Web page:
Churches in the United Kingdom are calling on the Government to cancel the debt of people who have fallen into hardship after months of coronavirus restrictions.
This call is been made under an initiative “Reset the Debt”, a campaign driven by a joint initiative of
- The Baptist Union of Great Britain
- Church Action on Poverty
- The Church of Scotland
- The Methodist Church, and
- The United Reformed Church
Some estimated six million people in the UK have fallen behind on rent, council tax and other household bills because of the pandemic, while one in five people have borrowed to buy essentials like food.
“low income families, younger workers, members of BAME communities, and carers have been especially hard hit by job losses and the economic climate’ the coalition says
The Rev Richard Teal, President of the Methodist Conference, said the cancellation of unavoidable debt could “bring stability” and offer a “more hopeful future” for the millions of people in the UK struggling to cover the cost of basic necessities.
He said that those on low incomes
“cannot be forgotten as we move into what will be a challenging winter ahead”.
“This call comes out of what churches have seen in communities throughout the country,” he said.
“We know that during lockdown people have focused on keeping themselves and their families safe and fed – and for many that meant bills or even some rent had to go unpaid.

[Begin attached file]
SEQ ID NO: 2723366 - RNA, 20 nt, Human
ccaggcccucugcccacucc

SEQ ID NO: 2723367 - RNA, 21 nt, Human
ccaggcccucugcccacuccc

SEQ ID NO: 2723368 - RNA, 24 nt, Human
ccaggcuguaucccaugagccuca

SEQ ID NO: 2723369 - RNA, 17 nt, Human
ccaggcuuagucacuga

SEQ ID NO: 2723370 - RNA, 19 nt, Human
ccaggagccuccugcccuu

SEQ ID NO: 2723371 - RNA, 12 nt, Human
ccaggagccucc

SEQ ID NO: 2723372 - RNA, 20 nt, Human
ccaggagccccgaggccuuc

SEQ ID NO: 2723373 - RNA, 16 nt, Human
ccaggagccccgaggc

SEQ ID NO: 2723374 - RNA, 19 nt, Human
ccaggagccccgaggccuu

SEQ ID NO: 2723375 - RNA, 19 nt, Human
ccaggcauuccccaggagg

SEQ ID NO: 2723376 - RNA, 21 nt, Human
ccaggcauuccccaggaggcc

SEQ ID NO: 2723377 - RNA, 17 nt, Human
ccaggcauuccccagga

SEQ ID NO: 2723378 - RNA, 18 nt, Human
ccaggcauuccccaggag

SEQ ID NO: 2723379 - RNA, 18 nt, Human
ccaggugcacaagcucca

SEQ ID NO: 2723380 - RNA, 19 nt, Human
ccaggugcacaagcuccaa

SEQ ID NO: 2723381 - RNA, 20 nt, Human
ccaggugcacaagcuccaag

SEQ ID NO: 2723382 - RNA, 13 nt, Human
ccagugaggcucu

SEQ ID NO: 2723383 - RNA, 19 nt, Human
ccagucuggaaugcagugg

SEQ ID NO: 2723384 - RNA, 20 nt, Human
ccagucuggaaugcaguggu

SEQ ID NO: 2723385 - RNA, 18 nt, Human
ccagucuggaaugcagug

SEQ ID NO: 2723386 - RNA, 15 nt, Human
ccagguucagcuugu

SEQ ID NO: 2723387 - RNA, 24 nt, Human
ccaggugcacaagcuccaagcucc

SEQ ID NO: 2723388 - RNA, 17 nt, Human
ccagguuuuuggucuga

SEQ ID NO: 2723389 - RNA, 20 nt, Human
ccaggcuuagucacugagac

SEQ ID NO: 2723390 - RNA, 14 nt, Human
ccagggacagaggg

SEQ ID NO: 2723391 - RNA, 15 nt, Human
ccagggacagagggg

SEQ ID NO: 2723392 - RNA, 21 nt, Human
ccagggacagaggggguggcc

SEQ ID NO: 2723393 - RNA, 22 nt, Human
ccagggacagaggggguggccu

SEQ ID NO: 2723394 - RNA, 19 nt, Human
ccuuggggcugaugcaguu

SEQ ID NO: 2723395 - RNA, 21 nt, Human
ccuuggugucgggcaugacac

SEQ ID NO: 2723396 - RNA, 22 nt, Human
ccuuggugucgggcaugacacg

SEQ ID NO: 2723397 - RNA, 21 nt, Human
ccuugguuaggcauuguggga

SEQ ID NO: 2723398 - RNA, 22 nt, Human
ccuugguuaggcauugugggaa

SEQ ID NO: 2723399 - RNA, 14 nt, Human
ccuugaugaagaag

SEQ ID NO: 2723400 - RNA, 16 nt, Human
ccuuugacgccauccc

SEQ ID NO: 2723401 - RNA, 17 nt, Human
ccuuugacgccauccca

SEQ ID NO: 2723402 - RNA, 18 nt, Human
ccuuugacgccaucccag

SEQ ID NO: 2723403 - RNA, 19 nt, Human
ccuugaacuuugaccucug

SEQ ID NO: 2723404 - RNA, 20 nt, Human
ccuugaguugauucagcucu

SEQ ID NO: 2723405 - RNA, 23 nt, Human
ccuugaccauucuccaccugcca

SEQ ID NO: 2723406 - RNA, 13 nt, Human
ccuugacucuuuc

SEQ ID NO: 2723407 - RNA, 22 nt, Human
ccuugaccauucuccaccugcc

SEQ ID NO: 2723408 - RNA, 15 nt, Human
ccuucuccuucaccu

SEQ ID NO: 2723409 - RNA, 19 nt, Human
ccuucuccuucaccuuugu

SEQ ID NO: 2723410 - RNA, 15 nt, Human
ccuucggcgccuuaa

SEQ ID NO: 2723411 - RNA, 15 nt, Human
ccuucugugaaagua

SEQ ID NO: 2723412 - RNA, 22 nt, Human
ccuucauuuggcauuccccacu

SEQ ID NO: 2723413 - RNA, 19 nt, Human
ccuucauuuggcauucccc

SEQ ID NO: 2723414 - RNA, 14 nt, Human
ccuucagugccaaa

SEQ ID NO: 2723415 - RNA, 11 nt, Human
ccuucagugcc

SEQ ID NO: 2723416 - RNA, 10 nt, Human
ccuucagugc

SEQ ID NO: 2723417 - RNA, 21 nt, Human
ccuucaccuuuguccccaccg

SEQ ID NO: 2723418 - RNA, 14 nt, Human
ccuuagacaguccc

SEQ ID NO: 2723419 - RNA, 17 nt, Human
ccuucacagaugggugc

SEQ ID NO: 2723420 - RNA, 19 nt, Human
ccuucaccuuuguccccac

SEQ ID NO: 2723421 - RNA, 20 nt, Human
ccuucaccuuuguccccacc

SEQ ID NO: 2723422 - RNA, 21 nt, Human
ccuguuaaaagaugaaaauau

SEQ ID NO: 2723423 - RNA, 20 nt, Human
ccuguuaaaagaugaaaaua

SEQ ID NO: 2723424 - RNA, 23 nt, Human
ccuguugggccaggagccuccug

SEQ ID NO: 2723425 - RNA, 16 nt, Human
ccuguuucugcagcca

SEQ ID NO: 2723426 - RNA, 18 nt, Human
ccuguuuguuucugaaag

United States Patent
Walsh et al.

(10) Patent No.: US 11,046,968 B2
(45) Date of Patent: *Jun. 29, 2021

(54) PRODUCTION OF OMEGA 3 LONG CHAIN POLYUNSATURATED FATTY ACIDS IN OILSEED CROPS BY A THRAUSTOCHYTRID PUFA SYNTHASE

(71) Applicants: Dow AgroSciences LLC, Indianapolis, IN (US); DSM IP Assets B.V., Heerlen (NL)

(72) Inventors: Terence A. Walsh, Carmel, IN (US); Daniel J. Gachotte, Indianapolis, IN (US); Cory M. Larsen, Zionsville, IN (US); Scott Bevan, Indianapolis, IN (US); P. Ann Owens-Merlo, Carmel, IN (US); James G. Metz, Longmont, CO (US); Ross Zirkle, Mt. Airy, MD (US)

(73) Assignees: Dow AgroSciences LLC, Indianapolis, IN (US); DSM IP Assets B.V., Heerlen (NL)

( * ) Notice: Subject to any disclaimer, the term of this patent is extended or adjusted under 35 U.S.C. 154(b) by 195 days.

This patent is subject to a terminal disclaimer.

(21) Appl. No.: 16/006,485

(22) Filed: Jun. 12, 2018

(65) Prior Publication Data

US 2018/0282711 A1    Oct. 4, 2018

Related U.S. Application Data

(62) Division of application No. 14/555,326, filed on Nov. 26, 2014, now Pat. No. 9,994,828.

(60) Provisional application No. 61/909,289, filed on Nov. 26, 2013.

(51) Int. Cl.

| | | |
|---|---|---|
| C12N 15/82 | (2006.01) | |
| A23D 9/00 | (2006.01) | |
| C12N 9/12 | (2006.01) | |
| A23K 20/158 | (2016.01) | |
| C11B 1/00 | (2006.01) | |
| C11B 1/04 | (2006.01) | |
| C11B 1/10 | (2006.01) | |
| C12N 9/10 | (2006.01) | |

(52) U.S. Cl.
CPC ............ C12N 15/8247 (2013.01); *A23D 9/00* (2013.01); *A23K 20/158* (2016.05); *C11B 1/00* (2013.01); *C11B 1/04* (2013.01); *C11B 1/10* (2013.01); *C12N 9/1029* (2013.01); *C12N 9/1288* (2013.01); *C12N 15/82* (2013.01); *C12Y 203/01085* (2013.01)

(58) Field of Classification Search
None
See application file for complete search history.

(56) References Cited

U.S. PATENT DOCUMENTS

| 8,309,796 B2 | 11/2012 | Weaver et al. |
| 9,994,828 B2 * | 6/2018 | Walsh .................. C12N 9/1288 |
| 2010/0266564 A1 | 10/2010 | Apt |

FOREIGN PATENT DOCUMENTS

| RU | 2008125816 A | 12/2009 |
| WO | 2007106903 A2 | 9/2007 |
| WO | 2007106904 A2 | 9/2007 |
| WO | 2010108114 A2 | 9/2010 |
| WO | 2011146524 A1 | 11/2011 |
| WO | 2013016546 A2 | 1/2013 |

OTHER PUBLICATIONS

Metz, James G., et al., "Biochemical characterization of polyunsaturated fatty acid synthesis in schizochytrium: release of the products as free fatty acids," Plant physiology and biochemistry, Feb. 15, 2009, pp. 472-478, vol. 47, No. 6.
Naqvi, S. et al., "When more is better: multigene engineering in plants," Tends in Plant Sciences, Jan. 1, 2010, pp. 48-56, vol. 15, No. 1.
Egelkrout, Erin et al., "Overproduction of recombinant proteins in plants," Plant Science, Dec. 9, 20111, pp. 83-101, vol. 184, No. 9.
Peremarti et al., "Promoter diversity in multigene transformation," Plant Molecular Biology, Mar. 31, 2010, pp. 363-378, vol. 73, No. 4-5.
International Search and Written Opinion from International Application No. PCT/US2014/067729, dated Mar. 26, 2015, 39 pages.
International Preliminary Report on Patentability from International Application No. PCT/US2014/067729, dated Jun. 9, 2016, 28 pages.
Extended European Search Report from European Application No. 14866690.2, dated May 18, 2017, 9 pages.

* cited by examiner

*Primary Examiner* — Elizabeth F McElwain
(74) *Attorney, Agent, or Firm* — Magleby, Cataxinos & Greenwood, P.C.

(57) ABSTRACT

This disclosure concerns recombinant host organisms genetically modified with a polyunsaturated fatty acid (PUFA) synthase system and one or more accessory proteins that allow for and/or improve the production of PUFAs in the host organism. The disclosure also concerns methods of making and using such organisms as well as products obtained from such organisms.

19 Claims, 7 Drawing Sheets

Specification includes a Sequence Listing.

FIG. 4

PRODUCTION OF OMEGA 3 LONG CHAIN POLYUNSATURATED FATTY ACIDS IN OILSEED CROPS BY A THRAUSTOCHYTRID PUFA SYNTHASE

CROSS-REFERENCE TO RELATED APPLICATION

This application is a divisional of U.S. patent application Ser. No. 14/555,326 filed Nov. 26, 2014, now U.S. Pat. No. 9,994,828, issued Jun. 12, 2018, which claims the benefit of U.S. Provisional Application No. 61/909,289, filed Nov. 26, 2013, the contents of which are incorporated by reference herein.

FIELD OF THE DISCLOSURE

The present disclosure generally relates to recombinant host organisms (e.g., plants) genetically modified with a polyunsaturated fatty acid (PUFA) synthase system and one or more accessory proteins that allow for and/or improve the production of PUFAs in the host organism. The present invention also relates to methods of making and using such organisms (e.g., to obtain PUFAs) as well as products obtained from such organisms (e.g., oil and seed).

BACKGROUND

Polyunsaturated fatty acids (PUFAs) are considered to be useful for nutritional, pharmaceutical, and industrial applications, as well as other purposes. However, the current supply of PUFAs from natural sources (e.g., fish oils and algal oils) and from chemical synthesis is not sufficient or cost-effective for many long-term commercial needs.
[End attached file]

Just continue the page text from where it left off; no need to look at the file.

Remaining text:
“These families are now facing a crisis and this is simply not right.
“The fact that Covid debt has disproportionately affected low income families demands a compassionate and just response.”
The campaign has been inspired by the Old Testament concept of Jubilee and the forgiveness of debts.
Rachel Lampard, Team Leader of the Joint Public Issues Team for the four Churches, said: “As Christians, we see Jubilee as being about more than just economics.
“The Jubilee principle allows relationships to be reset, communities to be re-balanced, and people’s dignity to be restored. This is the well-being that God desires for all people.
“That is why we are asking the Chancellor for a Jubilee Fund to pay and cancel the debts of people who have been swept into debt by Covid-19.
“Covid-19 has shown us that we are all far more reliant on each other than we had previously acknowledged.
Yet those we have come to rely on for our essentials are often those who have been hit hardest by lockdown debt.
“Without a debt Jubilee, those who are least able to bear it will continue to carry the heaviest financial burden long into the future.”
Rev Dave Warnock recently opened a debt counselling service in one of the five churches he is responsible for in the Wythenshawe area of south Manchester.